Gold prices fell on Tuesday as renewed expectations of an increase in U.S. interest rates next month pushed the dollar higher, although political and economic uncertainties in Europe and the United States supported investor sentiment.
Spot gold was down 0.3 percent at $1,233.79 an ounce at 1541 GMT, but has gained more than 6 percent since the start of the year.
U.S. gold futures slipped 0.3 percent to $1,235.2.
The dollar strengthened after Federal Reserve members pointed to the potential for higher U.S. rates next month, making commodities priced in the currency more expensive for non-U.S. buyers.
“Gold is capped by the likelihood that U.S. monetary policy will be tighter at some stage, potentially in March,” Societe Generale analyst Robin Bhar said.
“There is a lot of political uncertainty, there are safe-haven flows going into gold.”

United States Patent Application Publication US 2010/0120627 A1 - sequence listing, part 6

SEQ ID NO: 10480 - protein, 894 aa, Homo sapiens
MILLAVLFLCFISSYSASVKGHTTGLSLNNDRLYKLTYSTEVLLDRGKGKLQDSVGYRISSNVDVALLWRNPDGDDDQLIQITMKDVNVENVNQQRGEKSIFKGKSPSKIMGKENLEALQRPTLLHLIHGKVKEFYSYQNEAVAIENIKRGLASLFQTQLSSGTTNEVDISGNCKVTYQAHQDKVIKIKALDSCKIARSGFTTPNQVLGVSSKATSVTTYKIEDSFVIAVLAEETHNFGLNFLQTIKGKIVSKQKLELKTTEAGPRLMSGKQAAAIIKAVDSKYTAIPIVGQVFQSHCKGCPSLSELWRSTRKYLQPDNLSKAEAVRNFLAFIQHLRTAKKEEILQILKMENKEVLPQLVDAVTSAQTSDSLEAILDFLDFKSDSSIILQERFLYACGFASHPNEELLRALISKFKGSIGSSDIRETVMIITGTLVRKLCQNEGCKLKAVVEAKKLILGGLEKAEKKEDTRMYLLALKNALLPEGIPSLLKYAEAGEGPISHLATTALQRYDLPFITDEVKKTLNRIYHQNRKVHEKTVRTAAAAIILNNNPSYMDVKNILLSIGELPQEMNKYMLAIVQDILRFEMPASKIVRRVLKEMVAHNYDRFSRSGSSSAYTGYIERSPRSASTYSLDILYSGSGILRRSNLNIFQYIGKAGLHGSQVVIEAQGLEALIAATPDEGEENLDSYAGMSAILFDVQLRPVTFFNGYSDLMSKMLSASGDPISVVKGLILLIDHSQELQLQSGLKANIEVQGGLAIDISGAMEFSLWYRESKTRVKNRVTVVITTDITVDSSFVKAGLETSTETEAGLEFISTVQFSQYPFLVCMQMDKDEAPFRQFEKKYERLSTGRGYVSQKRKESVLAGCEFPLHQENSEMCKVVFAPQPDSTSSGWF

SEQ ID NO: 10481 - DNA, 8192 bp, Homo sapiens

Bhar added that gold is also an investment hedge against corrections in what look to be overvalued equities.
Investor demand for gold can be seen in the world’s largest gold-backed exchange-traded fund, SPDR Gold Trust , holdings of which have risen by more than 5 percent to 27.044 million ounces since Jan. 31.
Major U.S. indices — the Dow Jones Industrial Average and the S&P 500 — have hit consecutive record highs in recent days.
“Gold’s resilience is all the more impressive considering U.S. equities are setting record after record, while the dollar is also fairly strong,” INTL FCStone analyst Edward Meir said.
Support is down to a “myriad political and economic uncertainties” that lie ahead in 2017, Meir added.
Traders are focused on speeches by a number of Federal Reserve presidents, looking for clues on the timing of U.S. rate rises.
Also on the radar is U.S. President Donald Trump’s address to Congress on Feb. 28, which analysts and traders hope will offer detail on infrastructure spending and tax cuts.
Technical support is around the 21-day moving average near $1,221 an ounce, while $1,250 presents a major barrier, analysts say.
A break higher will meet Fibonacci resistance at $1,255.
Elsewhere, silver fell 0.2 percent to $17.98 an ounce, platinum lost 0.7 percent to $992.85 and palladium gained 0.1 percent to $772.83.